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Major Gifts Dinner Is November 17

alina gerlovin spaulding

When communism fell in the Soviet Union and the Iron Curtain, so long padlocked shut, swung open, our Louisville Jewish community joined Jews around the world in celebrating. Many of us had struggled for years, begging the Soviet leaders to “Let our people go!”

The stream of Jews leaving Russia, Ukraine, Belarus, Moldova and the other former Soviet states, which started as a trickle in the 1970’s, swelled to a mighty stream in the 1990’s. The refugees found new homes in Israel and communities across North America.

Federations in the U.S. and Canada were given a choice: welcome and resettle immigrants from the FSU in your community or raise money to help the communities that accept immigrants provide assistance with apartments, food, clothing, education, job training, English instruction and other resettlement services.

In Louisville, we chose to welcome hundreds of refugees to our community. Today, many still call the city home and others have moved on. Some have become successful entrepreneurs or built careers and others are retirees who live in Shalom Tower. Several have become active in the Jewish community and affiliated with congregations, others are secular.

The newcomers enriched and strengthened the Jewish communities where they settled, and more than a few have become our leaders and teachers.

Karen Abrams, chair of the 2013 Federation Campaign, is please to announce that Alina Gerlovin Spaulding will share her story at the 2013 Federation Campaign Major Gifts Dinner, Saturday, November 17, at 6:15 p.m. at Jewish Hospital’s Rudd Heart & Lung Conference Center.

Spaulding, who came to this country in 1979, serves as the head of school at Akiva Day School in Nashville and is involved in humanitarian causes in the U.S. and overseas. When she came to this country, with the help of many Jewish agencies funded by our Federation dollars, she came alone. Her parents tried to leave the former Soviet Union for several years, but were granted permission only when the worldwide Jewish community stepped forth.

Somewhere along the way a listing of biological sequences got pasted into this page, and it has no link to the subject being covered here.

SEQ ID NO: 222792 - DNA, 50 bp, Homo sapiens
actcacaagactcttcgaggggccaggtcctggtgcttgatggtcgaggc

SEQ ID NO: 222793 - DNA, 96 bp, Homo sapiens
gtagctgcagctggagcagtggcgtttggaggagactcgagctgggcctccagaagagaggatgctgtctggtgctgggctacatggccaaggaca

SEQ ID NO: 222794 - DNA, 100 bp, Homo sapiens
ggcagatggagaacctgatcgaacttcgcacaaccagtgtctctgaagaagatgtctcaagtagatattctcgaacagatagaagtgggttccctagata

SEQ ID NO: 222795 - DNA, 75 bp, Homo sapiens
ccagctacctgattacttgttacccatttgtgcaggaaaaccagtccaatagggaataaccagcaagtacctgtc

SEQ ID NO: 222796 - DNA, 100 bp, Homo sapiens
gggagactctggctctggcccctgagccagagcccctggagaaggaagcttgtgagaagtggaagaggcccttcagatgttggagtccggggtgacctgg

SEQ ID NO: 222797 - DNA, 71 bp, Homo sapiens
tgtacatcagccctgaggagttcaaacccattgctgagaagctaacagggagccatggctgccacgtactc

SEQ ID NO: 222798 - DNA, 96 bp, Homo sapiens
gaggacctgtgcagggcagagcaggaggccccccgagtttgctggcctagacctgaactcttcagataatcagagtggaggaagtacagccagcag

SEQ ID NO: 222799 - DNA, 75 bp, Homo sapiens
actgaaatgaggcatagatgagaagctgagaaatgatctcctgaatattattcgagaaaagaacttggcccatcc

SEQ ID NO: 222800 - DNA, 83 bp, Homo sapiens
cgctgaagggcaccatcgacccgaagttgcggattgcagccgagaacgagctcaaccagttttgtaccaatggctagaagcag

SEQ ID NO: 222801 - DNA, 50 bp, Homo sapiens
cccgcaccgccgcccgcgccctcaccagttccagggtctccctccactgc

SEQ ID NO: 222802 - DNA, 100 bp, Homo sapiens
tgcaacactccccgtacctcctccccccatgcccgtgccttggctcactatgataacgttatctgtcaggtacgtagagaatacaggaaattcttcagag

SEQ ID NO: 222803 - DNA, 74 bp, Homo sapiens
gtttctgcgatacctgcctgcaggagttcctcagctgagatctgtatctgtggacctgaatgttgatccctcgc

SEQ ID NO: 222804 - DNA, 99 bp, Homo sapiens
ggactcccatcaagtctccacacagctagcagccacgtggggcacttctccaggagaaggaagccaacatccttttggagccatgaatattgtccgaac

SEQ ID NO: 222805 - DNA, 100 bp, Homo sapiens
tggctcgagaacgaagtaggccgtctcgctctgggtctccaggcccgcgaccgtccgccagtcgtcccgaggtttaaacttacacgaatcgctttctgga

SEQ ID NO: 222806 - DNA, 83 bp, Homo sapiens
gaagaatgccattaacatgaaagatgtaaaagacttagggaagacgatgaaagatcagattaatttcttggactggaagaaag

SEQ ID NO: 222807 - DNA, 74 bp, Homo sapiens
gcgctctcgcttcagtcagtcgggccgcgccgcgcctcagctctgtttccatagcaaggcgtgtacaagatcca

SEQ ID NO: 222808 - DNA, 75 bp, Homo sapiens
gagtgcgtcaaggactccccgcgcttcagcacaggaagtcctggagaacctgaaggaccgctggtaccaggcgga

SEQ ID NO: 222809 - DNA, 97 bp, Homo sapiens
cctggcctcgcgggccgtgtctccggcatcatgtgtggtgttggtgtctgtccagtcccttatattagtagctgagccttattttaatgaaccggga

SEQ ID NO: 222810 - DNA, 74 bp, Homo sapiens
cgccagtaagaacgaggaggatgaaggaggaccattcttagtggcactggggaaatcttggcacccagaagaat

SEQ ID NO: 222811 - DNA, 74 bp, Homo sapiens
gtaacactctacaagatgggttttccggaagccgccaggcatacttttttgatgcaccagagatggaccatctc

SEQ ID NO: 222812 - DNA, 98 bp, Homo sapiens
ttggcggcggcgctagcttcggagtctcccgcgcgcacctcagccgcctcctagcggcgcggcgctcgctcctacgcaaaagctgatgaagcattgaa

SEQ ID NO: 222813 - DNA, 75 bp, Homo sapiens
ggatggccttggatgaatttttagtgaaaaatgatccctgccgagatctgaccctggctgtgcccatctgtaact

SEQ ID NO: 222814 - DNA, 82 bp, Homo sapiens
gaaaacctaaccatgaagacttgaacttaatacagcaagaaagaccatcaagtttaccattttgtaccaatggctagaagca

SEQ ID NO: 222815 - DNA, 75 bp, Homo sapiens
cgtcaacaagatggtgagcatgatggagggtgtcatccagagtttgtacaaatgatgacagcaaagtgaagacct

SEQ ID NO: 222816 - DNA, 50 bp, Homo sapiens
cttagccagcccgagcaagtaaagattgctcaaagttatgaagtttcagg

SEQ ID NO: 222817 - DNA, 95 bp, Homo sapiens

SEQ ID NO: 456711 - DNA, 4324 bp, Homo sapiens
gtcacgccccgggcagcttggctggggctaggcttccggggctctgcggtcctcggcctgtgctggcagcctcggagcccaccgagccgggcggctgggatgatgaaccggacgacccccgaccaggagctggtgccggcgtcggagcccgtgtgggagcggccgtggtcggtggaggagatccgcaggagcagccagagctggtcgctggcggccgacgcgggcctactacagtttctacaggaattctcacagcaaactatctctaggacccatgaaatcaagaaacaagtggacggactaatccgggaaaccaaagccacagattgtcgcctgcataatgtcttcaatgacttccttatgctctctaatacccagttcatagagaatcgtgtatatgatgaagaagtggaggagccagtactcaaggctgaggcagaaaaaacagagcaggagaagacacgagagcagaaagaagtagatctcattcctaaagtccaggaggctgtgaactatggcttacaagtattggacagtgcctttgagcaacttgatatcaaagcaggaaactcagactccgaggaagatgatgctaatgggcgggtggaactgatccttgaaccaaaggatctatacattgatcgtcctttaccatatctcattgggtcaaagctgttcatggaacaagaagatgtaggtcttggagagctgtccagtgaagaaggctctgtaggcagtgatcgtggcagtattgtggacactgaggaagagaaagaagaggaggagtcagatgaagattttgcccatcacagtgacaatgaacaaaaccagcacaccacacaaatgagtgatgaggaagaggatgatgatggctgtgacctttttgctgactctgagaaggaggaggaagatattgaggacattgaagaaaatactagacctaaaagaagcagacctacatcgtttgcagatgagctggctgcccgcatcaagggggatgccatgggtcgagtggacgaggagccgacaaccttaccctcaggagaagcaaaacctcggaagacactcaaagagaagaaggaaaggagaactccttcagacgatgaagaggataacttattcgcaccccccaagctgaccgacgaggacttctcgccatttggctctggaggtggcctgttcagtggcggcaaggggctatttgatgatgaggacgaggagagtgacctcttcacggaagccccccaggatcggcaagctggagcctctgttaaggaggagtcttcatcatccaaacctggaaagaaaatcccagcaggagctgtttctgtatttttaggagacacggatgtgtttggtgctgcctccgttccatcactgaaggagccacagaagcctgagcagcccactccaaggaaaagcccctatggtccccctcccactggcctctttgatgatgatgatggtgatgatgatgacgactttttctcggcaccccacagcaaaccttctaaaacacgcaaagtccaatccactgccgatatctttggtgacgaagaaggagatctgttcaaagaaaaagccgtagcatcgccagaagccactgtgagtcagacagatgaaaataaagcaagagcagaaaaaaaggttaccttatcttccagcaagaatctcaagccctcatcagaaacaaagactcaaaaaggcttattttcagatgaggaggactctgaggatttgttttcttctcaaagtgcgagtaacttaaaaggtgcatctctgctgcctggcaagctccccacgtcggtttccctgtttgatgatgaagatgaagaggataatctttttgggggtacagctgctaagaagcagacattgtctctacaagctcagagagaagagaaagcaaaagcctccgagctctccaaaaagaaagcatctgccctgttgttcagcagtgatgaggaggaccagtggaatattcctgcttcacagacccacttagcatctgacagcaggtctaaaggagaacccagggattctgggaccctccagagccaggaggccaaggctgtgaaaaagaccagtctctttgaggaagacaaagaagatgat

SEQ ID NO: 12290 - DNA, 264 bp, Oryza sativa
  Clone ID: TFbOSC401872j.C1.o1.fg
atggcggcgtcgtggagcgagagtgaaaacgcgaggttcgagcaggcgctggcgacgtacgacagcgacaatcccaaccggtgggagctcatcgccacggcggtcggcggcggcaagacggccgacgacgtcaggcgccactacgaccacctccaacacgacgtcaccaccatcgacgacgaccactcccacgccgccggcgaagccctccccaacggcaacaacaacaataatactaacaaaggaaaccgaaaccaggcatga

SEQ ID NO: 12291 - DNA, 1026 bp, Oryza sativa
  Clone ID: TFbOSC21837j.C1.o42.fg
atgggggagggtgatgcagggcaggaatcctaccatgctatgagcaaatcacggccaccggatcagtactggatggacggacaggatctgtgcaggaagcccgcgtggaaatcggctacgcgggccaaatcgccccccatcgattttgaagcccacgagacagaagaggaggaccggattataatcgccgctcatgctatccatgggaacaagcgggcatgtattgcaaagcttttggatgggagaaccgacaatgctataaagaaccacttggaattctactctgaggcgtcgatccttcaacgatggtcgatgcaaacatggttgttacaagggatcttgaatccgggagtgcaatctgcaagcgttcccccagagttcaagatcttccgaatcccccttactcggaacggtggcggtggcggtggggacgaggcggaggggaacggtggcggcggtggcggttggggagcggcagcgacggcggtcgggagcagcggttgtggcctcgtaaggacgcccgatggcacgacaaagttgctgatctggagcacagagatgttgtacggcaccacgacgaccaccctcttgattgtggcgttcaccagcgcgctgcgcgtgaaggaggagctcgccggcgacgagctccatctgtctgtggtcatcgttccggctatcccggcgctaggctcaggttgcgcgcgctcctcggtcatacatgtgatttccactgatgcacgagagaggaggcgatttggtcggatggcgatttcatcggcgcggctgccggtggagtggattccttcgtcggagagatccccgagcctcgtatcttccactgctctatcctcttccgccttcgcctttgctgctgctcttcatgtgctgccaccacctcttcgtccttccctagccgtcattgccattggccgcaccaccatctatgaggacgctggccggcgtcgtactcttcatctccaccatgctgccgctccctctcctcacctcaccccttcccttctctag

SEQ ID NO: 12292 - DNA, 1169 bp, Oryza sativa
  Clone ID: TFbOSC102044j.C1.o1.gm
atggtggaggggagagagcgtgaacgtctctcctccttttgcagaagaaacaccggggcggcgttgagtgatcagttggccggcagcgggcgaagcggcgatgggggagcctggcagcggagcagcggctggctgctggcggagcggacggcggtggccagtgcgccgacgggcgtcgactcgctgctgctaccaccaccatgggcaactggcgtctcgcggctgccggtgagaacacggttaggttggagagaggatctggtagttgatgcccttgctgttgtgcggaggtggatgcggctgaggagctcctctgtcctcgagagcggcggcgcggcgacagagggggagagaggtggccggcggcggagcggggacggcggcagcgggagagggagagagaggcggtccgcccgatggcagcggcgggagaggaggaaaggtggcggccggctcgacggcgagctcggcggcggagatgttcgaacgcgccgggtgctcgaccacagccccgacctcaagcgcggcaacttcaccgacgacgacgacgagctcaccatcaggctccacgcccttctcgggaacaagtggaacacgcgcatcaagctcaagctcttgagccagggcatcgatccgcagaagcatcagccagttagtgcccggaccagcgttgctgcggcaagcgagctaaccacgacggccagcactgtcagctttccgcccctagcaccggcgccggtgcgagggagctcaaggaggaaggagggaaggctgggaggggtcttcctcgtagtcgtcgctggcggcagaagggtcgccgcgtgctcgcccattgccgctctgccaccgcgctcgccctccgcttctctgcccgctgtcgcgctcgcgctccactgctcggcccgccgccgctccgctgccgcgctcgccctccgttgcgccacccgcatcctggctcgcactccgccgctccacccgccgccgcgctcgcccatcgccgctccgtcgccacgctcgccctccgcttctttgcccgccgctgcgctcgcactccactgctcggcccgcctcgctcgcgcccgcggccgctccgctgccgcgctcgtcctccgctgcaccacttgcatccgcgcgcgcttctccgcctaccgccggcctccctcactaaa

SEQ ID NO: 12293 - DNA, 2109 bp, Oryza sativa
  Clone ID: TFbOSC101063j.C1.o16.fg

Today, Spaulding is a true leader in the Jewish world. She coordinated the Delet Camp program between Greensboro, NC, and Beltsy, Moldova, for five years. She has also traveled to Minsk with Jewish Healthcare International on a mental health and Jewish education mission intended to build a more vibrant and healthy Jewish community in Belarus. As a result of her work, she has been awarded a number of highly prestigious fellowships.

When you support the 2013 Federation Campaign at the major gifts level, you are invited to hear her tell her remarkable story and how your donations helped make it possible. Together we do extraordinary things. We make a real difference in people’s lives, and Spaulding’s story is truly a miracle in which we each share a part.  With your minimum commitment of $5,000 to this year’s Campaign, you and your adult children are welcome to attend this event. Ben Gurion Society members – young adults, age 45 and under, who make a minimum commitment of $1,000 – are also welcome.

A suggested contribution of $54 would be appreciated to help defray the cost of the event. A Vaad approved option is available upon advance request by November 5. $65 represents the cost of this event to the Jewish Community of Louisville. Accordingly, only the portion of contributions above this amount may be considered a charitable contribution. Attire is coat and tie.

Reservations are required by Nov. 15.

To learn more about the Federation Campaign or to make arrangements to attend this event, please contact Jewish Community of Louisville Vice President and Chief Development Officer Stew Bromberg, 238-2755 or sbromberg@jewishlouisville.org.

The dinner is being supported by a generous grant from Jewish Heritage Fund for Excellence.

[by Shiela Steinman Wallace]

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